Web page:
DEATH OF THE WEEK: STRANGERS ON A TRAIN [1951] – Strangling reflected in glasses


The majority of our Deaths up to now have been at the gruesome end of the scale, so here’s a murder scene that doesn’t spill a drop of blood, yet is a fine example of creative filmmaking and is still, in its own way, quite nasty.  Now the name of Alfred Hitchcock will be known to all readers, the Master Of Suspense behind timeless classics such as The Birds and Vertigo, in fact he remains probably the only old-time director that everyone has probably heard of.  He was actually constantly irritating the censors by pushing sex and violence as far as he could go, from the non-stop kiss in Notorious to the shower death in Psycho.

Strangers On A Train is one of his most sheerly exciting movies, a breathless, clever thriller with a wonderful premise.  Guy is trapped in a loveless marriage with Miriam, who fools around but won’t grant him a divorce so he can marry his new love.  Bruno suffers from a domineering father.  One day, the two meet on a train.  Bruno suggests he kills Miriam and Guy kills his father.  Guy doesn’t think Bruno means it.  Unfortunately, Bruno is a psychopath, and most definately means it.

He spies Miriam at a fairground, flirting with two admirers. He follows them, and is soon spotted by Miriam, but she seems oddly attracted to her stalker.  He follows her into ‘the Tunnel Of Love’, and you think he’s got her when you see his shadow come up behind her and you then hear a scream, but no, it’s Hitch playing with us, dragging things out. Eventually, on a river bank, she is seperated from the other two men, and bumps into Guy, who offers her a cigarette, before placing his hands on her neck and squeezing.  Miriam’s glasses fall to the ground, and we cut to a close-up of the glasses, through which we can see her being choked to death, but all distorted and nightmarish.

The whole sequence, not just the murder, is sheer brilliance with its mixing of suspense and very black humour, not to mention the way it manipulates you into almost wanting the heartless strumpet to be murdered. Perfect evidence of Hitch’s skill, and why he is so referred.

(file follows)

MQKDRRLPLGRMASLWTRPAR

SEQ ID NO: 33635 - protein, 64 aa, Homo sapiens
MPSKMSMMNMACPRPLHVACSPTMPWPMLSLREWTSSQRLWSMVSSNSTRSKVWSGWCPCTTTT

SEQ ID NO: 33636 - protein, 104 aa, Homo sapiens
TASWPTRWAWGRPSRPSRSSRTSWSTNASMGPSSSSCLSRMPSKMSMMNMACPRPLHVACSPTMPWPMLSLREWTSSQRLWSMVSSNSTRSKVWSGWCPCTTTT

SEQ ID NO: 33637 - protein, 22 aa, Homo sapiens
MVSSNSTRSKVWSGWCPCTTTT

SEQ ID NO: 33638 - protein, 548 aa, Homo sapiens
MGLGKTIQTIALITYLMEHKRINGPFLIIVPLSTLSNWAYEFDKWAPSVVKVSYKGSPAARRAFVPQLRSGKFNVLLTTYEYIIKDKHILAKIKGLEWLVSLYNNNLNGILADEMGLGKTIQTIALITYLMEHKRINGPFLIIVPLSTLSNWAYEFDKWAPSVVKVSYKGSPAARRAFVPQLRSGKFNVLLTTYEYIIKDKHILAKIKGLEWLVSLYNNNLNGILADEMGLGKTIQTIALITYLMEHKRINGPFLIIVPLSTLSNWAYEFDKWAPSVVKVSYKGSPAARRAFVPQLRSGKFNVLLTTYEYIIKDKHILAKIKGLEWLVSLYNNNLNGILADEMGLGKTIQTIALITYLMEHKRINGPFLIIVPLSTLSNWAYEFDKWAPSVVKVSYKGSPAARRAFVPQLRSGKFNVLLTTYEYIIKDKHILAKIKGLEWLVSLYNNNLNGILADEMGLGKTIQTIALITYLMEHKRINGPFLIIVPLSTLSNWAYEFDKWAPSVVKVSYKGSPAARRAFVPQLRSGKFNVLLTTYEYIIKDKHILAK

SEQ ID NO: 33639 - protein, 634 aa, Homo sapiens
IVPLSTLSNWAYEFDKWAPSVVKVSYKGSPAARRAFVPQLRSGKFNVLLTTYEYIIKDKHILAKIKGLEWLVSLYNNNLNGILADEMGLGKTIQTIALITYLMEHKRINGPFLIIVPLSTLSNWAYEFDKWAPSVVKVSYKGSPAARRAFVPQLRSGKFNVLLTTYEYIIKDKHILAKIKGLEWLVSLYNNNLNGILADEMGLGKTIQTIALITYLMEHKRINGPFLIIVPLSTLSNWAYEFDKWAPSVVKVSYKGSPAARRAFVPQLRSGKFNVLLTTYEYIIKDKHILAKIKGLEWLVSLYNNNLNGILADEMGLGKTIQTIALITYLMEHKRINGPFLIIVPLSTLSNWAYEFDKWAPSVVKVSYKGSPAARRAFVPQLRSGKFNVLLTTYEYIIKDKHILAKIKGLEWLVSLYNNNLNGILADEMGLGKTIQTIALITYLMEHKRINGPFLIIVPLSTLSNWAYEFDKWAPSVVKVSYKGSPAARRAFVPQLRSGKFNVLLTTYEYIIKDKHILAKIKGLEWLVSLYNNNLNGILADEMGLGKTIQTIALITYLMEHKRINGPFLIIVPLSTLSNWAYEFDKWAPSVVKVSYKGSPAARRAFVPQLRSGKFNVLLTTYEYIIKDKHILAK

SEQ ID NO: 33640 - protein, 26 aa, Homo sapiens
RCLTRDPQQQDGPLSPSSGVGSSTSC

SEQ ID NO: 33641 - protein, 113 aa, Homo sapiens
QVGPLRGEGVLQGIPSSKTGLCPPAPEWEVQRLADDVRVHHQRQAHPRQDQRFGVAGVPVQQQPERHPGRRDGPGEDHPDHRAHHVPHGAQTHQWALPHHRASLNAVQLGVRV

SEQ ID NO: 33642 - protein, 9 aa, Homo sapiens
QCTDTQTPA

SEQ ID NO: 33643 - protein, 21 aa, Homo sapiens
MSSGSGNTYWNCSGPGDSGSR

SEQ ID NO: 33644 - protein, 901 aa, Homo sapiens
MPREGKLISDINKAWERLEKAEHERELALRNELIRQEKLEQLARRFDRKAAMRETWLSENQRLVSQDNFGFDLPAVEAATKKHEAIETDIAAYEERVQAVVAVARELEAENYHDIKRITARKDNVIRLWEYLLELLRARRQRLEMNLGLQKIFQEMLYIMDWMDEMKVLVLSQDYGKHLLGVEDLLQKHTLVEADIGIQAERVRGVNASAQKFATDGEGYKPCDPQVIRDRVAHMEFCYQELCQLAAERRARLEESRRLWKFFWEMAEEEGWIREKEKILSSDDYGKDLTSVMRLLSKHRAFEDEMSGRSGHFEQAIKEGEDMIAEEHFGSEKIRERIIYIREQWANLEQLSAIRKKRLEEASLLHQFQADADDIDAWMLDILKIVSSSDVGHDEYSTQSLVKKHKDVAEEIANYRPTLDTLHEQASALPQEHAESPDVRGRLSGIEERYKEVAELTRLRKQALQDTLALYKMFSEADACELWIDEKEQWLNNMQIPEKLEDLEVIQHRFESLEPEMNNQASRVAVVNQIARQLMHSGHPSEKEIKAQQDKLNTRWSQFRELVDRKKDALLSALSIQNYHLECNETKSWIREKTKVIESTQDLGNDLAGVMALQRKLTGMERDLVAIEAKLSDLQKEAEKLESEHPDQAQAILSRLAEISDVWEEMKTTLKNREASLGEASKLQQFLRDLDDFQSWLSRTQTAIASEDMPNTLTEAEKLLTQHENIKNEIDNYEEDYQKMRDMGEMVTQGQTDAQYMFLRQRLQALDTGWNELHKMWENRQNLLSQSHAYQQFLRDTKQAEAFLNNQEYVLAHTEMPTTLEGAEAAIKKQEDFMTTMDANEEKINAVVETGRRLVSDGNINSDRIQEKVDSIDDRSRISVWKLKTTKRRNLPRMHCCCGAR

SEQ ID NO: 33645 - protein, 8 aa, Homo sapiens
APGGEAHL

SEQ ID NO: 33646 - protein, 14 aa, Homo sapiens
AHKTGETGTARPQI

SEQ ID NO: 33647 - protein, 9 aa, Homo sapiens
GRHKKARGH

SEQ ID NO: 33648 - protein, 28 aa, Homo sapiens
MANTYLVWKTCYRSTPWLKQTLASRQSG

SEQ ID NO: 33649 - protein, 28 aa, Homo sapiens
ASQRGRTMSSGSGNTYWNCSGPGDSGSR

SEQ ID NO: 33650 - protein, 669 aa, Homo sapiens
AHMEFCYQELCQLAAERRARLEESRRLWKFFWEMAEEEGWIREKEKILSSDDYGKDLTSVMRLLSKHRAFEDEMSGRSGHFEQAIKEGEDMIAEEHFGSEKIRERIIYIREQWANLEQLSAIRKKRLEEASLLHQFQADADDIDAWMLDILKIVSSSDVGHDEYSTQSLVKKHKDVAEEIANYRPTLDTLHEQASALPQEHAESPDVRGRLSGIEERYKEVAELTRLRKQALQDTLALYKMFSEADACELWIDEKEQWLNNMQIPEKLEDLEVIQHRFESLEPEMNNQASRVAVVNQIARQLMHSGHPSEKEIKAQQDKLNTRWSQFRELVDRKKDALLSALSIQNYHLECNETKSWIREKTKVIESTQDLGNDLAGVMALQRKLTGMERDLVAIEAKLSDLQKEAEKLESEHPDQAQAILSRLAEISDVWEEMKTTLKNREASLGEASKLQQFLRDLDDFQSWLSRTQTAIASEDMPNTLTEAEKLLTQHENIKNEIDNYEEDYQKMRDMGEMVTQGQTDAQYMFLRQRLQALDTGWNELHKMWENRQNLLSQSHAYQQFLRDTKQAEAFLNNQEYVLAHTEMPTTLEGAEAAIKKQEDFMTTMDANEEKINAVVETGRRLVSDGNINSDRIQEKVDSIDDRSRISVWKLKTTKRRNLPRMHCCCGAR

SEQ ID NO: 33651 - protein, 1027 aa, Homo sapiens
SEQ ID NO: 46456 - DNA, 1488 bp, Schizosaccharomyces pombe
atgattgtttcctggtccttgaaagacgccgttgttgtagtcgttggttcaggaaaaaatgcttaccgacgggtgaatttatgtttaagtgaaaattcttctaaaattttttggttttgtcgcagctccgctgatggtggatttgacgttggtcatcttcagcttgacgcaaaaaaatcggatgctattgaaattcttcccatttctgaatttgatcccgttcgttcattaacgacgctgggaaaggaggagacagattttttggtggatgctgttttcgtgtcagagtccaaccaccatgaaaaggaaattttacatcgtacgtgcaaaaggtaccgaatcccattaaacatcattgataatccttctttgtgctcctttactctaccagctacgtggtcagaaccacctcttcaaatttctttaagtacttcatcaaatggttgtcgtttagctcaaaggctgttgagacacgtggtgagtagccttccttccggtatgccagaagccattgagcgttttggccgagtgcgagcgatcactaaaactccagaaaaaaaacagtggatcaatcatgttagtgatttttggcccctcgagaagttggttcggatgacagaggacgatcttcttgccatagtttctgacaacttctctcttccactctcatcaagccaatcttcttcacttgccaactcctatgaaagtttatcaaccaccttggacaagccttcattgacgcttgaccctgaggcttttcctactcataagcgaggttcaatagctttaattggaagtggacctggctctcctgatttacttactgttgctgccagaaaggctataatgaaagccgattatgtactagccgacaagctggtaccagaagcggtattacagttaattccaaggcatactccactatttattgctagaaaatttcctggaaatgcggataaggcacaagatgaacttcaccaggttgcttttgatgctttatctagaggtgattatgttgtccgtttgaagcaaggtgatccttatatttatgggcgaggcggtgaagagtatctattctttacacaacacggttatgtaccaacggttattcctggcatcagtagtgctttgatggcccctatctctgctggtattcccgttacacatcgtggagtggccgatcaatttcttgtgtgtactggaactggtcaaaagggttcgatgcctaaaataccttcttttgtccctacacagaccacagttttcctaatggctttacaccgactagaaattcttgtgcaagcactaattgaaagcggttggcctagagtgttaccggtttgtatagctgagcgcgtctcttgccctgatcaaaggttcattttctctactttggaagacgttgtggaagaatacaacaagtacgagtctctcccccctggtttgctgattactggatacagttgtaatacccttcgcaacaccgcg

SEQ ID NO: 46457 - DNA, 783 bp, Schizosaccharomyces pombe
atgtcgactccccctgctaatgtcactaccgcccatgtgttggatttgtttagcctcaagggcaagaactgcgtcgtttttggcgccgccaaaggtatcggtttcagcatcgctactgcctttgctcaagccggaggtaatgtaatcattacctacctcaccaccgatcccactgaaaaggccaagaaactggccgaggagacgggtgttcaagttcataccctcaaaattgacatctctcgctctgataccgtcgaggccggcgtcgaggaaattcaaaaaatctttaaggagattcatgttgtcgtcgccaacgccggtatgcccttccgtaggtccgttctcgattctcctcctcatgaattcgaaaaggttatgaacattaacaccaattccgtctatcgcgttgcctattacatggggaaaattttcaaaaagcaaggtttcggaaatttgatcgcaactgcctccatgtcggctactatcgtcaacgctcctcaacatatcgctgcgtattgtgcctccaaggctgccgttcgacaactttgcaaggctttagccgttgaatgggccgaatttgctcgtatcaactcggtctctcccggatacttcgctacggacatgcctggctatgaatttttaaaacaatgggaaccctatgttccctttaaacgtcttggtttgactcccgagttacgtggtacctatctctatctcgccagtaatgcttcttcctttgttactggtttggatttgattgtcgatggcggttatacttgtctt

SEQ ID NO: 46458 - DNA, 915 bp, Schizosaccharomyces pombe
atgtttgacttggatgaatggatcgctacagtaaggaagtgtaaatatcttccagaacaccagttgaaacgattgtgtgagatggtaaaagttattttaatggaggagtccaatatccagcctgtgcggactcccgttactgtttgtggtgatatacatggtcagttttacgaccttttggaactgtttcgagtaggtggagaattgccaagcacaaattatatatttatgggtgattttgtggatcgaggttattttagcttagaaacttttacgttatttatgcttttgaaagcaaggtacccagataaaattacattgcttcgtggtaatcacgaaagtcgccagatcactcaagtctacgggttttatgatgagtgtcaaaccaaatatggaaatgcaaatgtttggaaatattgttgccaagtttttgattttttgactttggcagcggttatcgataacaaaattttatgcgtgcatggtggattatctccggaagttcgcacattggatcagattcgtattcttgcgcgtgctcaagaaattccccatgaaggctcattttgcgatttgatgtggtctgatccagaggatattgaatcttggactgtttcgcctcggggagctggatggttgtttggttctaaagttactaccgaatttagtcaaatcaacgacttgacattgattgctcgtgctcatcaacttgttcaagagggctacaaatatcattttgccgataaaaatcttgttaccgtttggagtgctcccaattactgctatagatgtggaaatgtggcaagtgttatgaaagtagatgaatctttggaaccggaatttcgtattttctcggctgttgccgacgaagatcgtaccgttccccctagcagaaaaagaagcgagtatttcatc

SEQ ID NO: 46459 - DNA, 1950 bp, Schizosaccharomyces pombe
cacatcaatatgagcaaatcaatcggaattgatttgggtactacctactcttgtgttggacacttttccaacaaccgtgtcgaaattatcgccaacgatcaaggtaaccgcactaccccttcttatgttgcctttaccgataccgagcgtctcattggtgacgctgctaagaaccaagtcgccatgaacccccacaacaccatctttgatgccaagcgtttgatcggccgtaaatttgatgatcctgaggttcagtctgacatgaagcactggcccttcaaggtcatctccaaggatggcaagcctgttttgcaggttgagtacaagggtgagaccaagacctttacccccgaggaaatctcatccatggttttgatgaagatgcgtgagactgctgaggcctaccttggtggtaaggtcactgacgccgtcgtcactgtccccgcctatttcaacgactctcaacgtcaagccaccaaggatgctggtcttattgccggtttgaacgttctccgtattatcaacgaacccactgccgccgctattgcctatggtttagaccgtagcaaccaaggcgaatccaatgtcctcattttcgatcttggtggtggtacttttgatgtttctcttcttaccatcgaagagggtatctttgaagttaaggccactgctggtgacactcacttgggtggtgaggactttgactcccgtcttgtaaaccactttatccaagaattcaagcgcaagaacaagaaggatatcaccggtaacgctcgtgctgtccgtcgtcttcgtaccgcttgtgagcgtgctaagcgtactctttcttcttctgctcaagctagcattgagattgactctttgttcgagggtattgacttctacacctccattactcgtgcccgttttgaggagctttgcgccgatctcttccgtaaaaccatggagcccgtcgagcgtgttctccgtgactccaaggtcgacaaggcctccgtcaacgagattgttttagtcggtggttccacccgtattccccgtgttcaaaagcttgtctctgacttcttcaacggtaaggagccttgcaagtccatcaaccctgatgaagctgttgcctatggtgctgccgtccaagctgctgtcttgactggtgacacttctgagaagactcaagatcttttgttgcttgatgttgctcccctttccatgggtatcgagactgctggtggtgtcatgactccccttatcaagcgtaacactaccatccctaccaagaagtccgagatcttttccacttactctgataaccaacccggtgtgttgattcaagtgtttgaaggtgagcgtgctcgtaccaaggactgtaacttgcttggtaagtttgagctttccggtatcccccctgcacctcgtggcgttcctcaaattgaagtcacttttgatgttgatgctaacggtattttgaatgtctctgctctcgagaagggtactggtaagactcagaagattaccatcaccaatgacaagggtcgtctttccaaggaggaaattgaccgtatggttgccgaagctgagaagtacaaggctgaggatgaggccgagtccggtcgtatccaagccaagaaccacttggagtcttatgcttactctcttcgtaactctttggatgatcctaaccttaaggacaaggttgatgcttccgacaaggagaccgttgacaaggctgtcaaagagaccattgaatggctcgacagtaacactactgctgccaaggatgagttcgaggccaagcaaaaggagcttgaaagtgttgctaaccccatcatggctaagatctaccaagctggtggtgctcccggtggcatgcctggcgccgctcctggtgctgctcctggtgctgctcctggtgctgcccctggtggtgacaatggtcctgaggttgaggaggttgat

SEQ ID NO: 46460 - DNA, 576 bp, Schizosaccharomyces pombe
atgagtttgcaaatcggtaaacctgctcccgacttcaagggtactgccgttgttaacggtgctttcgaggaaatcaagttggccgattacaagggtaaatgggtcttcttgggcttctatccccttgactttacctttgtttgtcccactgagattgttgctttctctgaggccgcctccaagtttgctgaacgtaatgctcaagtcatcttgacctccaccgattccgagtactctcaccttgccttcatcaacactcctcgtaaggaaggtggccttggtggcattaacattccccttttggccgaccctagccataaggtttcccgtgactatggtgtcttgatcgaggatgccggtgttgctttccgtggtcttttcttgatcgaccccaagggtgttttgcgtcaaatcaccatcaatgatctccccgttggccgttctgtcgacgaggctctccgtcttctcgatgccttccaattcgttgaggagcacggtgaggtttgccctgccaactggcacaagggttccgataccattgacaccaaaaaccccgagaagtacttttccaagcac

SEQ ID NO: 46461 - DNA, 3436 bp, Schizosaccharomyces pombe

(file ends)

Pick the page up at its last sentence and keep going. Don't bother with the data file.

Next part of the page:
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About Dr Lenera 1985 Articles
I'm a huge film fan and will watch pretty much any type of film, from Martial Arts to Westerns, from Romances [though I don't really like Romcoms!]] to Historical Epics. Though I most certainly 'have a life', I tend to go to the cinema twice a week! However,ever since I was a kid, sneaking downstairs when my parents had gone to bed to watch old Universal and Hammer horror movies, I've always been especially fascinated by horror, and though I enjoy all types of horror films, those Golden Oldies with people like Boris Karloff and Christopher Lee probably remain my favourites. That's not to say I don't enjoy a bit of blood and gore every now and again though, and am also a huge fan of Italian horror, I just love the style.


  1. I watched this again just the other night… *SPOILER ALERT!* I love the scene where it cuts between the good guy playing the tennis match and the bad guy trying to retrieve the lighter from a gutter. So suspenseful, it’s almost ridiculous and an amazing visual illustration of the struggle between good and evil.

    • Ay, it is a great movie, one of Hitch’s best, though rarely recognised as such I think. Perhaps because it’s not too serious, as you say there is a tongue-in-cheek aspect to it all?….

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